Let’s Talk About Feelings… I just did.
Editor’s note: This post was by request, and marks the first of (hopefully only a few more… just kidding) many friendly, reader-based requests to come. Do you have a specific request? Email me or drop me a line in the comments. I can’t promise you’ll enjoy what you read, but your requests certainly will not go overlooked.
1993 was an interesting year. I was 14, and back then, New Jack Swing was alive and violently flowing from the radio waves like a raging river of hip hop and dance-pop fusion, but you know, with tight-rolled Z Cavaricci’s and LA Gear footwear.
Shifting away from spoon-fed radio, for me, was a slow burn. We only had two radio stations that played anything other than Western or Country, and the closest record store was something like 40 miles away. A bit too far for me and my trusty BMX, as it turned out.
If I Had No Loot was a recent purchase, a $1 thrift store find actually, and serves as one of those “throwback” records that I’ll frequent when the thoughts of my younger years slowly begin to seep through the thin layer of 2013 reality. Other bands that fit this category include Animotion, Tone-Lōc, Paula Abdul, R.E.M., Prince, Jane’s Addiction, Faith No More and Pet Shop Boys (I was a confused kid).
For all its amazing shortcomings, If I Had No Loot still manages to stand its ground, and is as catchy and enjoyable as when I heard it for the first time screaming from Z-104 (104 FM) out of Madison, WI. People say music is timeless. I say, music is a time casket, emerging from yesteryear like a Pepe jean, Hypercolor shirt wearing zombie.
Five days after the conclusion of a decade filled with orange, brown, swagger and abundance (the 1970s), the United States saw a paramount release that that would transcend every other album released throughout the rest of the decade. On January 5th, 1980, Americans received a message from across the pond. It was a message of conflict, disdain and unforgettable beauty. This message… the uncompromising London Calling.
Five days into the 80s, and the decade saw its best work… crazy. Released a few weeks earlier in its native land (December 14, 1979 in the UK), London Calling became the owner of the #8 spot on Rolling Stone’s list of 500 Greatest Albums of All Time. #8… all time. 8… out of 500! This isn’t news to the majority of you as you probably already own this treasured album, and if you don’t, I’ll pretend not to know you in public next time I see you… seriously… GET this album!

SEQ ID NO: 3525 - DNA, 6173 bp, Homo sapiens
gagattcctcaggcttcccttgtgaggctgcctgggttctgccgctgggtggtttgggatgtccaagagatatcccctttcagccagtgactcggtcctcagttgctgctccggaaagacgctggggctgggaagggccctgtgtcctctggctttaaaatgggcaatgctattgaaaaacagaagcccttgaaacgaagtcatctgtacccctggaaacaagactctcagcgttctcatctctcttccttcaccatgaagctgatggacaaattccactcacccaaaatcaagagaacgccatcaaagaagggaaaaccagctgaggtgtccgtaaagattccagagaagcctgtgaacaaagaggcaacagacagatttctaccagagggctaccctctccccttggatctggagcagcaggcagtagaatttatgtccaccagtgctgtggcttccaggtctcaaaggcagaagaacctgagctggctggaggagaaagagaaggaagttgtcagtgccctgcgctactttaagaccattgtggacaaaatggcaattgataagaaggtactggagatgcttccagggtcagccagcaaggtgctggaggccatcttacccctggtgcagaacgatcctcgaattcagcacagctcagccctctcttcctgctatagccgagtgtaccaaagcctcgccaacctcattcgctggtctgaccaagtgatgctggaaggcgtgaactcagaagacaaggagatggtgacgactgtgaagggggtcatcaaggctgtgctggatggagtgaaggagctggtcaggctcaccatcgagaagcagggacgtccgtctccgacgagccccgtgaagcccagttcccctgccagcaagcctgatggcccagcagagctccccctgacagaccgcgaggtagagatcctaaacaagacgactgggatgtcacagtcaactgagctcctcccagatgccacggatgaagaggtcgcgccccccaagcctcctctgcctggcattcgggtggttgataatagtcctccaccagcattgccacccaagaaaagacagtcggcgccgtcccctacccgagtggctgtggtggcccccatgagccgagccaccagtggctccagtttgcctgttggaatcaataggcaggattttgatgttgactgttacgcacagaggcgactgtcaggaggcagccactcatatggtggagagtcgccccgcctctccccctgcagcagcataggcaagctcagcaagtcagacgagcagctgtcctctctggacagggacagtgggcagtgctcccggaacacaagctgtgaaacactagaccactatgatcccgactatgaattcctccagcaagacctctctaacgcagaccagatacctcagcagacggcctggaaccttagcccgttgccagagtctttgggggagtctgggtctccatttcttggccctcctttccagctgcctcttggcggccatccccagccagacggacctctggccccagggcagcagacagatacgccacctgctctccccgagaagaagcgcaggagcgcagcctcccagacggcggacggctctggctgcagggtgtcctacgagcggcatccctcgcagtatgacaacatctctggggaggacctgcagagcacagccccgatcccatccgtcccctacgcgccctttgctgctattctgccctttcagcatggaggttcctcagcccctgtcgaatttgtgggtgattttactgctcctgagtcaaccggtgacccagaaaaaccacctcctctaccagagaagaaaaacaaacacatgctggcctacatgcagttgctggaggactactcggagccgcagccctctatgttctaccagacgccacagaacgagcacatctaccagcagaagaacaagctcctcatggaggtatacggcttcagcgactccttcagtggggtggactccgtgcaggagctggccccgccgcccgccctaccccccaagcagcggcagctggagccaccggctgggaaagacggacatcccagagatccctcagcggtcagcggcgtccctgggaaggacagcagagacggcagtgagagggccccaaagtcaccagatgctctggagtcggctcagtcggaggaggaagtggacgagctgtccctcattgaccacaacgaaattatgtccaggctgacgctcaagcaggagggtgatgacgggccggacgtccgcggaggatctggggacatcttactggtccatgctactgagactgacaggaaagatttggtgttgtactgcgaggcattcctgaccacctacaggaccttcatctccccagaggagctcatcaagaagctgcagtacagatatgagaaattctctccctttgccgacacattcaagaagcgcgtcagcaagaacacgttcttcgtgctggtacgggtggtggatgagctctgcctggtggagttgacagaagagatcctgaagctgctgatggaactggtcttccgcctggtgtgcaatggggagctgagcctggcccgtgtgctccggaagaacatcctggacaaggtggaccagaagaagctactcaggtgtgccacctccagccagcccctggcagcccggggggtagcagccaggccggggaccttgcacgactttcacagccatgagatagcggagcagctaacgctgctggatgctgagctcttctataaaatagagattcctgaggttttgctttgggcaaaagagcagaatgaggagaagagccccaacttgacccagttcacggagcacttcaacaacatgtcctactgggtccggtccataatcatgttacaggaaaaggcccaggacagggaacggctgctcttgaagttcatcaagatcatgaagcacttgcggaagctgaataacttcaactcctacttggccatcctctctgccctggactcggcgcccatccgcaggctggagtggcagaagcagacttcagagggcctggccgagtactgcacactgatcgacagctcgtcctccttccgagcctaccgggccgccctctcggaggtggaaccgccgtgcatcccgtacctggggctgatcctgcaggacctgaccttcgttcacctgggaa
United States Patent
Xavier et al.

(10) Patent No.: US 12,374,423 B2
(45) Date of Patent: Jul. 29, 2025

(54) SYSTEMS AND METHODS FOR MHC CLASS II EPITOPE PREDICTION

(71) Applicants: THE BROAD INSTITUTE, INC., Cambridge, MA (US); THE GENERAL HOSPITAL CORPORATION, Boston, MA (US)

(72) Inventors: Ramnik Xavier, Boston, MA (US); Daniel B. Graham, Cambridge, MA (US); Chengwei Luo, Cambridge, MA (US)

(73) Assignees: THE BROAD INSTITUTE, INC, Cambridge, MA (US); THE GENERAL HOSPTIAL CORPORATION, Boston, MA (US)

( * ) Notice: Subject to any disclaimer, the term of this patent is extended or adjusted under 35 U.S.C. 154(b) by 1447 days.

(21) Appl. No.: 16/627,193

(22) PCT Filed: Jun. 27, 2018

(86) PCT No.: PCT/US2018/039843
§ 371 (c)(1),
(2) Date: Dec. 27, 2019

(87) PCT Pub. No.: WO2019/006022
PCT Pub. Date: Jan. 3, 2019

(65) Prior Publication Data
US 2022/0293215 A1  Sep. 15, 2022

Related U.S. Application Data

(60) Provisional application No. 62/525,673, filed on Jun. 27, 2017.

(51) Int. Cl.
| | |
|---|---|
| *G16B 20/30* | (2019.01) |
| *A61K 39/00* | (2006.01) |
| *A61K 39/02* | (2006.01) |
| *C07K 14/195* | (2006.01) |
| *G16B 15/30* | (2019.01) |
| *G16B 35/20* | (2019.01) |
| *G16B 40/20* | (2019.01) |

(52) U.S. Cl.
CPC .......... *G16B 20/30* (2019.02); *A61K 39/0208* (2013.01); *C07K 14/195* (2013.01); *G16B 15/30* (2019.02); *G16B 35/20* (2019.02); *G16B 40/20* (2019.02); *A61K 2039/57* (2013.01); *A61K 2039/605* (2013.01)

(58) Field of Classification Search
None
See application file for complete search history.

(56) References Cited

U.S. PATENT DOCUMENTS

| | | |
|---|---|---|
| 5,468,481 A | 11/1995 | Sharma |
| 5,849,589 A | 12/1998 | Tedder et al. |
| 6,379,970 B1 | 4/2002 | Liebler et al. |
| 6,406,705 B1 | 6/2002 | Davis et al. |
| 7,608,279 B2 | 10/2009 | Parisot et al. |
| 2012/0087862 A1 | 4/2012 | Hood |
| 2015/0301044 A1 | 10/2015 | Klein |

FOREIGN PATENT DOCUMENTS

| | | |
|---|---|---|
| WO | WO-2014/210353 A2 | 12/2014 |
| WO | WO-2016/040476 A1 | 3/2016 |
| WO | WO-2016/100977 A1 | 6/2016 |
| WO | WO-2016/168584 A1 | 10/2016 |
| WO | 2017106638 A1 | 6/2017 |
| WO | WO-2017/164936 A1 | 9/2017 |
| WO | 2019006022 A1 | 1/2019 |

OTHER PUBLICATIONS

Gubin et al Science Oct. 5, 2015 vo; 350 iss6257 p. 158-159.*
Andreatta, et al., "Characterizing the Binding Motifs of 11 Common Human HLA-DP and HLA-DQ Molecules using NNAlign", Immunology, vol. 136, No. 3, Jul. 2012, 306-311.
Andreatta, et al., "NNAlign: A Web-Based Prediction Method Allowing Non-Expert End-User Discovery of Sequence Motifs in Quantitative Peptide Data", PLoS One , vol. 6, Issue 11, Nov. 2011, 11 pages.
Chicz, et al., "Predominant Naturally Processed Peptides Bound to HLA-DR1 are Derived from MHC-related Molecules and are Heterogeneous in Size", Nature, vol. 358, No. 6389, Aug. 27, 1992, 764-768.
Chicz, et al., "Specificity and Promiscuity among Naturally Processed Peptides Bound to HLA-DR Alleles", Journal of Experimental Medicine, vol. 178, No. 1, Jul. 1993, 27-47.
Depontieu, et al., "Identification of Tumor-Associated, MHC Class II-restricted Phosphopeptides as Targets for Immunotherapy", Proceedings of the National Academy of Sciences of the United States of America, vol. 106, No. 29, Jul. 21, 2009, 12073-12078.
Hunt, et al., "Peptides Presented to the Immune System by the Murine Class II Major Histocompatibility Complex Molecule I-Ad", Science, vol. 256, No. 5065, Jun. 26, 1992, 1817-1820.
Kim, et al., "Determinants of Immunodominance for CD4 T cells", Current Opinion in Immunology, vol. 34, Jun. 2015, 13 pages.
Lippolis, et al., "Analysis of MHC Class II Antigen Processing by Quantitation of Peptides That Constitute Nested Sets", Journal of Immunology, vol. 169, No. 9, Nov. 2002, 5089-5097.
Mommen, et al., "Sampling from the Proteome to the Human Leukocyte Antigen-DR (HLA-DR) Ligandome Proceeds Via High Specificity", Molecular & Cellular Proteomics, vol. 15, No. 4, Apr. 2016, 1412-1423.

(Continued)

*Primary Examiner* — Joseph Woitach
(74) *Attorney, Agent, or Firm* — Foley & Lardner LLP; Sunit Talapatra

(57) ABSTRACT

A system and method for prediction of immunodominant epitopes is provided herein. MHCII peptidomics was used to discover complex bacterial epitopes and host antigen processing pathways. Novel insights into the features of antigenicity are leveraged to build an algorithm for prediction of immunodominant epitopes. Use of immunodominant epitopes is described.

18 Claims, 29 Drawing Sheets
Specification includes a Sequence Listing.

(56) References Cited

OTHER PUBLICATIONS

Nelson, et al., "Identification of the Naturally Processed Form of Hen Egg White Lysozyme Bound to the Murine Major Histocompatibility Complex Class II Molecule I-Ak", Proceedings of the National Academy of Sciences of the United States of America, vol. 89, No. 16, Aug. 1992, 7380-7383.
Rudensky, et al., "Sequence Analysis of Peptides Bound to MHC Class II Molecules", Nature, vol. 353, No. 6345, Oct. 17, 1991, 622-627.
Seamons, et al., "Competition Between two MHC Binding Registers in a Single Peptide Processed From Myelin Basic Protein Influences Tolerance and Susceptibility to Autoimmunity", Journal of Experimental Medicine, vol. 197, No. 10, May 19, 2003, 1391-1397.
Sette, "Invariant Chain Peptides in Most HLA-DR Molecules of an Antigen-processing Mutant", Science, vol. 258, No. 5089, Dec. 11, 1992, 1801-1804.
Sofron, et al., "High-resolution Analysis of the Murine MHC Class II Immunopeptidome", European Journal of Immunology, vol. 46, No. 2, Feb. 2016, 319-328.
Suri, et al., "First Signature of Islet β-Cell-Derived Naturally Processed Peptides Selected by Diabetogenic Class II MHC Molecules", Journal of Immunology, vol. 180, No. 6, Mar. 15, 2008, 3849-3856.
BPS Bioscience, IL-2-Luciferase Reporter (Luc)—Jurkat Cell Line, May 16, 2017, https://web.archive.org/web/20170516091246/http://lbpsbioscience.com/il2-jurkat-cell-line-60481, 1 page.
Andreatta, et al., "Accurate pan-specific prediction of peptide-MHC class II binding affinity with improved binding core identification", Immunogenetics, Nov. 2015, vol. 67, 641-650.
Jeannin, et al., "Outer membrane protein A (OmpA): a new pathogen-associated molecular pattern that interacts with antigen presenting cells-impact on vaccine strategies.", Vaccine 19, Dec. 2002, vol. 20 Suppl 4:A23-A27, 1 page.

Bridging the weathered gap between Hard Rock, Punk, Reggae, Lounge Jazz, Rockabilly and Ska (to name a few of the many genres defining this “epic” album… it was actually released on Epic Records in the states, so HA!), The Clash were able to showcase their angst towards authority, their cry for better paying jobs, their thoughts on civil war, love, and the church, and they were able to do it by staying within the confines of the social attention span. The Clash found that the message of insolence, distrust, hope and liberation could reach more ears if the music was more accessible to a broader audience.
Everyone who has ever learned to type has written about this album, so anything I say here won’t be groundbreaking. I will however express my personal affection towards this gem, and try to offer its beauty onto others. I’m a London Calling pusher, essentially… and I’ve got a quota to meet, so shoot up!
Really quickly, I’ll get into this then I’ll leave you the hell alone. It was July 1997 and I’d just turned 18. I was sharing a room with my best friend and we were both in our infant stage of record collecting. He with his Jimmy Durante, Glenn Miller and Dean Martin, and I with my Beastie Boys, NOFX and Doobie Brothers. There is a little store in Madison, Wisconsin called Half Price Books. If you’re from the Midwest you’ve undoubtedly been there. It was at the East Side location where I found my calling of the London variety. I’d already owned 1982’s Combat Rock, and was eager for more from the almighty Clash. Anyway, to make a long, drawn-out story short, the first side to the first record (London Calling is a double LP, btw) instantly became the soundtrack to our summer, with Rudie Can’t Fail becoming our favorite, miss-quotable song (substituting “chicken-boo for breakfast” instead of the proper “drinking brew…” something I still do to this day).
Maybe it was because that summer saw us living on our own for the first time, but for us, London Calling equaled liberation. Few albums attach themselves to such monumentally important moments in an individual’s life. The acute notice these moments, and they never forget them. London Calling, for all its global importance, still manages to satisfy my local, nostalgic needs.
Understanding that a groove is relevant only to a record and does not, in any case pertain to the spools of a cassette tape, I, via ways of inadvertent and very magic-like slight of hand, attempt to fool your senses in discussing a nostalgically important glimmer of rural mid-western indie-pop music… before the term indie was, well, indie. (How’s that for the recommended number of commas for those comma-touting liberals? #sniff) Cassettes need love too, so today The Prudent Groove will temporarily change its name to The Prudent Spool.